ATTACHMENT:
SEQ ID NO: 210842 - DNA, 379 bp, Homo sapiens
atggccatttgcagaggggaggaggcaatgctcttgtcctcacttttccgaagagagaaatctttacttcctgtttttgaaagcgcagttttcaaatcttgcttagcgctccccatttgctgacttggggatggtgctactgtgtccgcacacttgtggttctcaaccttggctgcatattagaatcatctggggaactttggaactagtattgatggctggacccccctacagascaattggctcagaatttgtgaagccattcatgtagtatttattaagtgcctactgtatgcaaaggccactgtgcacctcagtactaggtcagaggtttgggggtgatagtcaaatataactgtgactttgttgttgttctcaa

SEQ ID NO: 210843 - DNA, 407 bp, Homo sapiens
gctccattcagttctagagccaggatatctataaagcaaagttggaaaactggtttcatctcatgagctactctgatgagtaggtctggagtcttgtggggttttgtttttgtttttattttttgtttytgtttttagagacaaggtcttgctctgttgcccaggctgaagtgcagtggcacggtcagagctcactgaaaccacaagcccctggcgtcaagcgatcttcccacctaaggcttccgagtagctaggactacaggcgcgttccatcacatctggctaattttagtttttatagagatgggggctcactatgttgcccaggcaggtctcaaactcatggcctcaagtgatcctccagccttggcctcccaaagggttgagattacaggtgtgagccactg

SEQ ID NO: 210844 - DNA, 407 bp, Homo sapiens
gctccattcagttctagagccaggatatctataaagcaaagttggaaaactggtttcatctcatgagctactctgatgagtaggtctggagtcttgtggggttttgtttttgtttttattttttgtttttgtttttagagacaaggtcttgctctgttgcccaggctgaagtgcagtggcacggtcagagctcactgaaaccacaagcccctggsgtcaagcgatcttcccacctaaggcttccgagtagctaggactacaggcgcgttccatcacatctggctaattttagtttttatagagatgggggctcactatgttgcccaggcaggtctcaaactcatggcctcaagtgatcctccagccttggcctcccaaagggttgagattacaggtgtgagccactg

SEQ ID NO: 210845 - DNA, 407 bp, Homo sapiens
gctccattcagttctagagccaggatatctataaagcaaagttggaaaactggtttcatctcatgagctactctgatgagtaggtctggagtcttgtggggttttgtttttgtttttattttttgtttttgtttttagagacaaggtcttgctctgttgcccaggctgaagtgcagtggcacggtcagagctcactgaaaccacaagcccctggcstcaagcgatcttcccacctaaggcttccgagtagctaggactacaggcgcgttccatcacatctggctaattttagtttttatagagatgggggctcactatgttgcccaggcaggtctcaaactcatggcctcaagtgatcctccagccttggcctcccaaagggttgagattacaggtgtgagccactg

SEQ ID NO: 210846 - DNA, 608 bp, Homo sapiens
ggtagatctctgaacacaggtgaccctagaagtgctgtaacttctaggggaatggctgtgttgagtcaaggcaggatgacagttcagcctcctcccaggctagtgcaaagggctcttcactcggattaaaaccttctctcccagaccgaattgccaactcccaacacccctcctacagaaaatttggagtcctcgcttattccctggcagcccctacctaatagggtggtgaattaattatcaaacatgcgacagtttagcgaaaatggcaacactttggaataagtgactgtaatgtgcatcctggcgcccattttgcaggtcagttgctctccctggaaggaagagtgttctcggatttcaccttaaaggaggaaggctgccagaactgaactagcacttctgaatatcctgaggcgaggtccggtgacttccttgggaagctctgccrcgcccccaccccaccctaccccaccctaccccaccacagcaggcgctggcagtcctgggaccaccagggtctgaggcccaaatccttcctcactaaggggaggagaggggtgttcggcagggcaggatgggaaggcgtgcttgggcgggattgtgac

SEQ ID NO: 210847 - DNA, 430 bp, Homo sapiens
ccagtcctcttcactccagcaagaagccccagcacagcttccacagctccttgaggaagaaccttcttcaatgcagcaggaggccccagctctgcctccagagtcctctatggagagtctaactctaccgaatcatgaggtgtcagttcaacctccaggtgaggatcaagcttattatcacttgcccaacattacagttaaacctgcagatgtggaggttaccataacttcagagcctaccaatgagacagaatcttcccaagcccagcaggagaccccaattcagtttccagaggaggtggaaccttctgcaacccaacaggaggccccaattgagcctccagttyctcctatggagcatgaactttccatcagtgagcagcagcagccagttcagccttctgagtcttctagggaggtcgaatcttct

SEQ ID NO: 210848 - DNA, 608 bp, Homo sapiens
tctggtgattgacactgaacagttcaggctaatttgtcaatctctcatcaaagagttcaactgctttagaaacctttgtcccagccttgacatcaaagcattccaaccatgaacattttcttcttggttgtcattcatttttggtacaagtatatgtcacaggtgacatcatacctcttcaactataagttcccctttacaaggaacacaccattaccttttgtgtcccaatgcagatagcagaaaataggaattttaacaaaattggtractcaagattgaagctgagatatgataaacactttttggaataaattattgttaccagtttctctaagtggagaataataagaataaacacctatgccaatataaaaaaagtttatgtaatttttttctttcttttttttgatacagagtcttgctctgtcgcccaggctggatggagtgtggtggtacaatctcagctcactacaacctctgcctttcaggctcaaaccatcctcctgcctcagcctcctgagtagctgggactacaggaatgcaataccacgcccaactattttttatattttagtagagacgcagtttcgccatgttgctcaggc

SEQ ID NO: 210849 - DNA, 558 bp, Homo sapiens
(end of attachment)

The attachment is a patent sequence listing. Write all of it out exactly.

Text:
SEQ ID NO: 210842 - DNA, 379 bp, Homo sapiens
atggccatttgcagaggggaggaggcaatgctcttgtcctcacttttccgaagagagaaatctttacttcctgtttttgaaagcgcagttttcaaatcttgcttagcgctccccatttgctgacttggggatggtgctactgtgtccgcacacttgtggttctcaaccttggctgcatattagaatcatctggggaactttggaactagtattgatggctggacccccctacagascaattggctcagaatttgtgaagccattcatgtagtatttattaagtgcctactgtatgcaaaggccactgtgcacctcagtactaggtcagaggtttgggggtgatagtcaaatataactgtgactttgttgttgttctcaa

SEQ ID NO: 210843 - DNA, 407 bp, Homo sapiens
gctccattcagttctagagccaggatatctataaagcaaagttggaaaactggtttcatctcatgagctactctgatgagtaggtctggagtcttgtggggttttgtttttgtttttattttttgtttytgtttttagagacaaggtcttgctctgttgcccaggctgaagtgcagtggcacggtcagagctcactgaaaccacaagcccctggcgtcaagcgatcttcccacctaaggcttccgagtagctaggactacaggcgcgttccatcacatctggctaattttagtttttatagagatgggggctcactatgttgcccaggcaggtctcaaactcatggcctcaagtgatcctccagccttggcctcccaaagggttgagattacaggtgtgagccactg

SEQ ID NO: 210844 - DNA, 407 bp, Homo sapiens
gctccattcagttctagagccaggatatctataaagcaaagttggaaaactggtttcatctcatgagctactctgatgagtaggtctggagtcttgtggggttttgtttttgtttttattttttgtttttgtttttagagacaaggtcttgctctgttgcccaggctgaagtgcagtggcacggtcagagctcactgaaaccacaagcccctggsgtcaagcgatcttcccacctaaggcttccgagtagctaggactacaggcgcgttccatcacatctggctaattttagtttttatagagatgggggctcactatgttgcccaggcaggtctcaaactcatggcctcaagtgatcctccagccttggcctcccaaagggttgagattacaggtgtgagccactg

SEQ ID NO: 210845 - DNA, 407 bp, Homo sapiens
gctccattcagttctagagccaggatatctataaagcaaagttggaaaactggtttcatctcatgagctactctgatgagtaggtctggagtcttgtggggttttgtttttgtttttattttttgtttttgtttttagagacaaggtcttgctctgttgcccaggctgaagtgcagtggcacggtcagagctcactgaaaccacaagcccctggcstcaagcgatcttcccacctaaggcttccgagtagctaggactacaggcgcgttccatcacatctggctaattttagtttttatagagatgggggctcactatgttgcccaggcaggtctcaaactcatggcctcaagtgatcctccagccttggcctcccaaagggttgagattacaggtgtgagccactg

SEQ ID NO: 210846 - DNA, 608 bp, Homo sapiens
ggtagatctctgaacacaggtgaccctagaagtgctgtaacttctaggggaatggctgtgttgagtcaaggcaggatgacagttcagcctcctcccaggctagtgcaaagggctcttcactcggattaaaaccttctctcccagaccgaattgccaactcccaacacccctcctacagaaaatttggagtcctcgcttattccctggcagcccctacctaatagggtggtgaattaattatcaaacatgcgacagtttagcgaaaatggcaacactttggaataagtgactgtaatgtgcatcctggcgcccattttgcaggtcagttgctctccctggaaggaagagtgttctcggatttcaccttaaaggaggaaggctgccagaactgaactagcacttctgaatatcctgaggcgaggtccggtgacttccttgggaagctctgccrcgcccccaccccaccctaccccaccctaccccaccacagcaggcgctggcagtcctgggaccaccagggtctgaggcccaaatccttcctcactaaggggaggagaggggtgttcggcagggcaggatgggaaggcgtgcttgggcgggattgtgac

SEQ ID NO: 210847 - DNA, 430 bp, Homo sapiens
ccagtcctcttcactccagcaagaagccccagcacagcttccacagctccttgaggaagaaccttcttcaatgcagcaggaggccccagctctgcctccagagtcctctatggagagtctaactctaccgaatcatgaggtgtcagttcaacctccaggtgaggatcaagcttattatcacttgcccaacattacagttaaacctgcagatgtggaggttaccataacttcagagcctaccaatgagacagaatcttcccaagcccagcaggagaccccaattcagtttccagaggaggtggaaccttctgcaacccaacaggaggccccaattgagcctccagttyctcctatggagcatgaactttccatcagtgagcagcagcagccagttcagccttctgagtcttctagggaggtcgaatcttct

SEQ ID NO: 210848 - DNA, 608 bp, Homo sapiens
tctggtgattgacactgaacagttcaggctaatttgtcaatctctcatcaaagagttcaactgctttagaaacctttgtcccagccttgacatcaaagcattccaaccatgaacattttcttcttggttgtcattcatttttggtacaagtatatgtcacaggtgacatcatacctcttcaactataagttcccctttacaaggaacacaccattaccttttgtgtcccaatgcagatagcagaaaataggaattttaacaaaattggtractcaagattgaagctgagatatgataaacactttttggaataaattattgttaccagtttctctaagtggagaataataagaataaacacctatgccaatataaaaaaagtttatgtaatttttttctttcttttttttgatacagagtcttgctctgtcgcccaggctggatggagtgtggtggtacaatctcagctcactacaacctctgcctttcaggctcaaaccatcctcctgcctcagcctcctgagtagctgggactacaggaatgcaataccacgcccaactattttttatattttagtagagacgcagtttcgccatgttgctcaggc

SEQ ID NO: 210849 - DNA, 558 bp, Homo sapiens